Burnt laser repair

AlexKakolyris

New Member
So, a few months ago my sailing club caught on fire and suddenly my boat was burnt a little. It was as terrible as the other 2 boats that were completely burned down. I removed the burned fabric and replaced, I also replaced the foam inside of it and there some detailing left for it to be completely levelled, any tip on this part would be helpful! Anyway here is a pic and I wanna know how to paint the fixed part of it because I can’t find any vela grey gel coat! It’s a 192*** laser.
 

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You might want to make a template from the opposite side of the boat with thin plywood to be able to duplicate the shape in that section, if that makes any sense. You can use it prior to applying gelcoat to gauge the shape prior to gel coating and to fair down any high spots so that the gelcoat will be pretty even across the repair. When you finally mix the shade of grey you want in your gelcoat you will have a screed board (cement talk) to run over the wet gelcoat prior to setting, and come pretty close to the shape you want. Always put more gelcoat than needed so you can sand it down to the shape you want, versus not having enough and it is very thin or none at all. I am interested in seeing the after pics, what you have done so far is pretty darn good, exceptional really;). If the color doesn't match well, you can always put a big sticker or graphic or even advertising over that :cool: ! Best of luck, thanks for sharing.
 
The main thing is how do I duplicate the other side so it can match the other! It’s not a small repair to do and that’s why I get anxious about the outcome:’) Also I’m located in Greece so it’s a bit difficult to find grey gel coat or grey pigment for gel coat! I don’t if this is accurate but you can mix gelcoat with acrylic paint to match the colours. I don’t really know if this is false Let me know!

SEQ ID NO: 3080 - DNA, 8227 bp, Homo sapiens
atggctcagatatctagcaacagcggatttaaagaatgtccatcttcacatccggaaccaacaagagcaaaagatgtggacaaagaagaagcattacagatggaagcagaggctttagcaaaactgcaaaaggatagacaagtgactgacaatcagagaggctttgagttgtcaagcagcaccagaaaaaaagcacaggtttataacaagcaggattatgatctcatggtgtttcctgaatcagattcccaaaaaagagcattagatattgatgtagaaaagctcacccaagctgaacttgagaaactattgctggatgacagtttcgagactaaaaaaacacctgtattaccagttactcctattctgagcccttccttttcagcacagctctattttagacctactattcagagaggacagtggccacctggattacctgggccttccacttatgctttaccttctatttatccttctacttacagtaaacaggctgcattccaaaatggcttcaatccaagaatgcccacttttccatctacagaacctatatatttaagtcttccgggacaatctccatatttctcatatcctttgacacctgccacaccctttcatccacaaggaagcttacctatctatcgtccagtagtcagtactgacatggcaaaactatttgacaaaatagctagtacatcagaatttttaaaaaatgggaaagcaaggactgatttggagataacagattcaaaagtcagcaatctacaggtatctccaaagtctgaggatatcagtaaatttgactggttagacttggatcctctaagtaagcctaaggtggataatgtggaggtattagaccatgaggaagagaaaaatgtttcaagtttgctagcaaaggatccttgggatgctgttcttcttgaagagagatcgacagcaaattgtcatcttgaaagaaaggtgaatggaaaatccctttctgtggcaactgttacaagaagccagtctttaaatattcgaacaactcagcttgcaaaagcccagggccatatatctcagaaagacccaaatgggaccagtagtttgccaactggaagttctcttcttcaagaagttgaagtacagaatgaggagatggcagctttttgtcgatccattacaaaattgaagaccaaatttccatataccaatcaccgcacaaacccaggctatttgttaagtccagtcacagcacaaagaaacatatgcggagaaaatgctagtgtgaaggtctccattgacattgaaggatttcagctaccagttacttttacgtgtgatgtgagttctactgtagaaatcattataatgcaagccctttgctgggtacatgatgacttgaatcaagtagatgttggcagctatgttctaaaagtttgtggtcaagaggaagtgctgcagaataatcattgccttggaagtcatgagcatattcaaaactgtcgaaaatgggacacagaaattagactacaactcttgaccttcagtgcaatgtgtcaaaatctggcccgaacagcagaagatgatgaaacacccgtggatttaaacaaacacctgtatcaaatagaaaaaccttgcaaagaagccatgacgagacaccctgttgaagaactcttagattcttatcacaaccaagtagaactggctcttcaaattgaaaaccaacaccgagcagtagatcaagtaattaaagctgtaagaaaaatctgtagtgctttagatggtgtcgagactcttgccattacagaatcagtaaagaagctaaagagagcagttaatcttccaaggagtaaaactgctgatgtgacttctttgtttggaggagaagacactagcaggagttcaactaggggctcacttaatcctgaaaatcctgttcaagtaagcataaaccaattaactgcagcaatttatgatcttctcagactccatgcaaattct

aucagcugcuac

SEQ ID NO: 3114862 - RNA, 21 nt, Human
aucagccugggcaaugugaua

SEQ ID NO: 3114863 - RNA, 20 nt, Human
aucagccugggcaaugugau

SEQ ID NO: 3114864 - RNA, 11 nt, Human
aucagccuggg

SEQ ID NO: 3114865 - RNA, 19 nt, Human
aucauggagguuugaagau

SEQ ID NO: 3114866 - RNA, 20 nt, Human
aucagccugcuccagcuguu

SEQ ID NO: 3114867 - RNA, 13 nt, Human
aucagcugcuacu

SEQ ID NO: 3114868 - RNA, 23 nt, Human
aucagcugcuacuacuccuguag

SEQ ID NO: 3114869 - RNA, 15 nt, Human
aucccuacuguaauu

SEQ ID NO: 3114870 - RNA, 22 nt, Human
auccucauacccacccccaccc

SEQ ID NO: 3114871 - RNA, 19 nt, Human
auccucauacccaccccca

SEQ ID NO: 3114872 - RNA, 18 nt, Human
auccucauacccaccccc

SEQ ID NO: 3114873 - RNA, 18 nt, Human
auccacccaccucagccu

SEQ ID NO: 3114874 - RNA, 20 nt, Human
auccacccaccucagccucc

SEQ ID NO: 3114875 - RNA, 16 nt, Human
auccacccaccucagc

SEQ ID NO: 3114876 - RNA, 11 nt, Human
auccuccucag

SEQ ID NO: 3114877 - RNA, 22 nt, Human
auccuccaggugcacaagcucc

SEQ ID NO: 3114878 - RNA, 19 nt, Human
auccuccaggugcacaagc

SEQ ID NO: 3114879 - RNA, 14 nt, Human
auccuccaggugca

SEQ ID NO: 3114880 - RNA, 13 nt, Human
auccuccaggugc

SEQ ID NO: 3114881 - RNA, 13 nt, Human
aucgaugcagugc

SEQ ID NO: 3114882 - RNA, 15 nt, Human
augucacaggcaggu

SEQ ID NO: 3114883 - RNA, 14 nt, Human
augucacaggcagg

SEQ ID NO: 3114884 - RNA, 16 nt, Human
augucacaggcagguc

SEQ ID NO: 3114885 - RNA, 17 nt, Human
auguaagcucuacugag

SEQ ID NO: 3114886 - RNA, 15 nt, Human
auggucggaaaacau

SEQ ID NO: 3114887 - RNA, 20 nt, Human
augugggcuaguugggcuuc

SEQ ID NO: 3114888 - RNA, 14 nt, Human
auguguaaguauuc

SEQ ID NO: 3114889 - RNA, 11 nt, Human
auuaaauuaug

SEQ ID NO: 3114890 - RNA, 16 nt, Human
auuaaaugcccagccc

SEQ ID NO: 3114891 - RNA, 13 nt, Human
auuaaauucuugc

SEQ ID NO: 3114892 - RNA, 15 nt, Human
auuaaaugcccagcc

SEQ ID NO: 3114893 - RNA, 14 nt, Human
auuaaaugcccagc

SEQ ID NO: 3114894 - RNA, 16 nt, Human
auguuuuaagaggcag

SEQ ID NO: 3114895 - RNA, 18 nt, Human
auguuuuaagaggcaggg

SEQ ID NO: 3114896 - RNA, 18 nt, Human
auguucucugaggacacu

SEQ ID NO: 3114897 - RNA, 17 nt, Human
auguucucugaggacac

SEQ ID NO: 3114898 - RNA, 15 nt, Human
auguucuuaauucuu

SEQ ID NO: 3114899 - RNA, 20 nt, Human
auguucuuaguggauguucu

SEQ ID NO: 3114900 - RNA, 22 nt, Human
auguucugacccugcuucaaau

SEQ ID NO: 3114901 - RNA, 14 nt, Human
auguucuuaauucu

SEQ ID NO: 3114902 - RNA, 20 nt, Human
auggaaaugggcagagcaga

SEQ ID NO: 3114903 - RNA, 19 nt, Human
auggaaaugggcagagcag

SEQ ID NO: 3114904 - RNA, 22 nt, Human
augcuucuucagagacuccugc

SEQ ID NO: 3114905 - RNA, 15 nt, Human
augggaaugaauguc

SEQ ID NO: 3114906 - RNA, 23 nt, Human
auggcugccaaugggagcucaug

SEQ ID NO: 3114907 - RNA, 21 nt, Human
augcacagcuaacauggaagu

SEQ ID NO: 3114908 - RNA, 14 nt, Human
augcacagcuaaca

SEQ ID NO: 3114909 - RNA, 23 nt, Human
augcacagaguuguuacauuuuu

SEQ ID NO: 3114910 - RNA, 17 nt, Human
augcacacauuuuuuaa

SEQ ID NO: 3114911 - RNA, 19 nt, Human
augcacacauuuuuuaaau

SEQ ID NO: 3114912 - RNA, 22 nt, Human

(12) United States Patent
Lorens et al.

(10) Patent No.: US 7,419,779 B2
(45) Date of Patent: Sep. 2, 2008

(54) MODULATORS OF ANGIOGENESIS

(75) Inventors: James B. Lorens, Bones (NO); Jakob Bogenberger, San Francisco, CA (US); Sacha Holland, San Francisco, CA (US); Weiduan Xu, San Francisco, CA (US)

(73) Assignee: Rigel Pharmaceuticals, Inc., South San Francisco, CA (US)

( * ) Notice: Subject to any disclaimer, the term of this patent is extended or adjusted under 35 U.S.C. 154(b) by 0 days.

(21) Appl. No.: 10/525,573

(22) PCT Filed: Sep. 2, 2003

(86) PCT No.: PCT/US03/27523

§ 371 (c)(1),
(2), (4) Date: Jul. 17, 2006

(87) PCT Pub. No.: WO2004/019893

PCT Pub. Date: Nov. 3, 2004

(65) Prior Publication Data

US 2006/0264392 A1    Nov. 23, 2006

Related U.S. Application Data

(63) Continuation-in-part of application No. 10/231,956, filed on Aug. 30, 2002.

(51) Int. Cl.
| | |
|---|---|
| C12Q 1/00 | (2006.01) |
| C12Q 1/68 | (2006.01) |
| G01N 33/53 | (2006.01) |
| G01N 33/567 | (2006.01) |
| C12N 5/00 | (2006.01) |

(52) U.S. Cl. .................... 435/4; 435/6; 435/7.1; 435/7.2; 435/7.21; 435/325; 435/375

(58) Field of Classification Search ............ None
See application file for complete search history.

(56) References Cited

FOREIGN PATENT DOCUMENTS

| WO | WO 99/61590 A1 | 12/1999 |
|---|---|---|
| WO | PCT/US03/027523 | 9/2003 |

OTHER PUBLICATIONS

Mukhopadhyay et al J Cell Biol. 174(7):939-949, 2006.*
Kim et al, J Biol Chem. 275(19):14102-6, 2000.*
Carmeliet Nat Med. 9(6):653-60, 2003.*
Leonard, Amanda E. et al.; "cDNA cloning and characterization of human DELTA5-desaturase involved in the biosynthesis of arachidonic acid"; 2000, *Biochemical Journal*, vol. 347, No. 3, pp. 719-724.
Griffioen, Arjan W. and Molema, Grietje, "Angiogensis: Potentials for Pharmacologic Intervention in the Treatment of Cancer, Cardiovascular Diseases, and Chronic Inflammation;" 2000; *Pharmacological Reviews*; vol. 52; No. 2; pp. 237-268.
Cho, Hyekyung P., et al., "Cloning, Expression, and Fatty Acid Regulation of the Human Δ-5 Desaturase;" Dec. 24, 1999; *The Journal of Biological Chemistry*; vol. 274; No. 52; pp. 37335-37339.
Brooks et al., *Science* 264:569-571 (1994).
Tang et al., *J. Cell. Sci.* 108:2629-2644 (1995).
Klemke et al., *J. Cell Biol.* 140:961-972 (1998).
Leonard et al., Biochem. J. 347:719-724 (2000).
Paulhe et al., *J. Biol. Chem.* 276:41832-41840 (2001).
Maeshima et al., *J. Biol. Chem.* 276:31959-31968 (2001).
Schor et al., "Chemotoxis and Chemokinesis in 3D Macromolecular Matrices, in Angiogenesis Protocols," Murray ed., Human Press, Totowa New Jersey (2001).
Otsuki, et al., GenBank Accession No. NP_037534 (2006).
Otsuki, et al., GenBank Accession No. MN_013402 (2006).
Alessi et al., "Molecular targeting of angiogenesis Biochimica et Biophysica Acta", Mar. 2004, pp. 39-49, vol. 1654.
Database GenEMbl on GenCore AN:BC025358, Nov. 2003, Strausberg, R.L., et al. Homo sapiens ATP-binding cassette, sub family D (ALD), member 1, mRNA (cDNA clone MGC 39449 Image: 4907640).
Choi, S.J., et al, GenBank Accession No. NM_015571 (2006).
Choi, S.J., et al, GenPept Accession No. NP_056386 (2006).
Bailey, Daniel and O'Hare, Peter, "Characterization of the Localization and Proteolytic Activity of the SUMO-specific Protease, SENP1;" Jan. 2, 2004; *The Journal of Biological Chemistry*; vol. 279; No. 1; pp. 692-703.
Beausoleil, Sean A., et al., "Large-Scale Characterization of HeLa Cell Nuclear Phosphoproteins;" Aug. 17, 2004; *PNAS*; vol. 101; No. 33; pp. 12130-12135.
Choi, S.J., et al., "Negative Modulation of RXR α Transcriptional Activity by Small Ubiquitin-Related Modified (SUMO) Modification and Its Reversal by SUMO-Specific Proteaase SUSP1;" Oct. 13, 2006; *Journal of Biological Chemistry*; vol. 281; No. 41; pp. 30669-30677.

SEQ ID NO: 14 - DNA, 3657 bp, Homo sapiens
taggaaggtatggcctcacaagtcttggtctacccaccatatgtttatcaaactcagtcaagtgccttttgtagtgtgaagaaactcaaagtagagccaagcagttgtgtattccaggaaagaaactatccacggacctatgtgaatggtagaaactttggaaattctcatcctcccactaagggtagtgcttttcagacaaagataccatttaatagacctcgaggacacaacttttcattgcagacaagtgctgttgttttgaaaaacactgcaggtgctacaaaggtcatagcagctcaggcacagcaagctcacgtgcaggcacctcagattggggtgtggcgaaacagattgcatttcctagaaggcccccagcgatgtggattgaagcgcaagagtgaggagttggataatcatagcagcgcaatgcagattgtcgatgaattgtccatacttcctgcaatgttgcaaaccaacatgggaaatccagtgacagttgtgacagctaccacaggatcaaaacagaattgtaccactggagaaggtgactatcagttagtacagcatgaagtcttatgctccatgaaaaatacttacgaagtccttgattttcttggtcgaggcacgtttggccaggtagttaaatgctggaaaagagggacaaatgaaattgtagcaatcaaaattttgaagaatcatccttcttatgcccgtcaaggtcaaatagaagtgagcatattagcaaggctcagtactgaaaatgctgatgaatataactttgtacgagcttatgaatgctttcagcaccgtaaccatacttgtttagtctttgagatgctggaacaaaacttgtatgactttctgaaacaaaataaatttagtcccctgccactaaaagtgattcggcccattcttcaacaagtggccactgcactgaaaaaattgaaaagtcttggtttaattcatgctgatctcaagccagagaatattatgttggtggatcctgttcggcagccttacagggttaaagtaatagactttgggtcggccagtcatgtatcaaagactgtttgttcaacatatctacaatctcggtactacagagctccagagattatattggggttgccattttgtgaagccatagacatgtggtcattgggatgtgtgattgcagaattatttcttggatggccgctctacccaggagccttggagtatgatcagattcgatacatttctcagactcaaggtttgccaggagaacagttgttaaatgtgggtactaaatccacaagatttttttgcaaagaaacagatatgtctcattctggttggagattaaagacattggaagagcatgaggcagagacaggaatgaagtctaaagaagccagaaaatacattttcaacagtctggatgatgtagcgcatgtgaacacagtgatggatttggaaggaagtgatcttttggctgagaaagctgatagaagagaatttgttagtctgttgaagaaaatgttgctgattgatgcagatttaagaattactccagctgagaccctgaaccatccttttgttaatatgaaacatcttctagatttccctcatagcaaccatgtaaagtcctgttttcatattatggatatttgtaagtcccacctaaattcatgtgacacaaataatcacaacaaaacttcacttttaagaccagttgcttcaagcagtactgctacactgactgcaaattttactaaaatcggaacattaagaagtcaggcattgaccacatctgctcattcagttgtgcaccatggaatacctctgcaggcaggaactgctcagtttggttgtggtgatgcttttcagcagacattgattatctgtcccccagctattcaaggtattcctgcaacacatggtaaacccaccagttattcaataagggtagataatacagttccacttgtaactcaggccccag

Not sure if you can order through the internet from other countries, but if you can, there are some sailing chandlery sites that sell gelcoat with standard pigments (you would only need a little pin drop or two of Black). If you get desperate, let me know how much gel coat you need and I can work something out with you to ship some.
For the template, cut cardboard or thin (1/4 inch) plywood into 3-4 inch wide, and about 6-inch long strips, and lay the strips on their (straight) edge (not on the broad or wide side), and tape/glue them together. Watch the attached video starting at 9:16, and you will see how he makes a template around the beams inside the boat, same concept except you are trying to replicate the curve or shape of the hull. Might need to use a sharp blade/knife to cut the cardboard/plywood as you start to get the shape you want. I would also start at the seem or very middle of the boat and work my may down to the gunwale so you have fixed reference points.

Hope this helps explain what I was talking about. It is just my approach, there may be a better one out there, hopefully, they reply here!
 
Thank you very much, I appreciate your help and information! It’s a tough ‘project’ so even these little things are worth it. I’ll try this method and hopefully I’ll get an even result. I hope they reply too! It’s my first sailboat to be bought for racing and all suddenly it was burned! I really want to see it back on the water where it belongs
 
Thank you very much, I appreciate your help and information! It’s a tough ‘project’ so even these little things are worth it. I’ll try this method and hopefully I’ll get an even result. I hope they reply too! It’s my first sailboat to be bought for racing and all suddenly it was burned! I really want to see it back on the water where it belongs
Περαστικά.
 
Another approach: Make a female copy from another boat. With this, make a male piece, cut out the damaged piece and glue in the new piece with premolded backing along the edge. Grind the fissure, cover with gelcoat. The new piece can be molded with or without gelcoat. Pict from mast repair.
 

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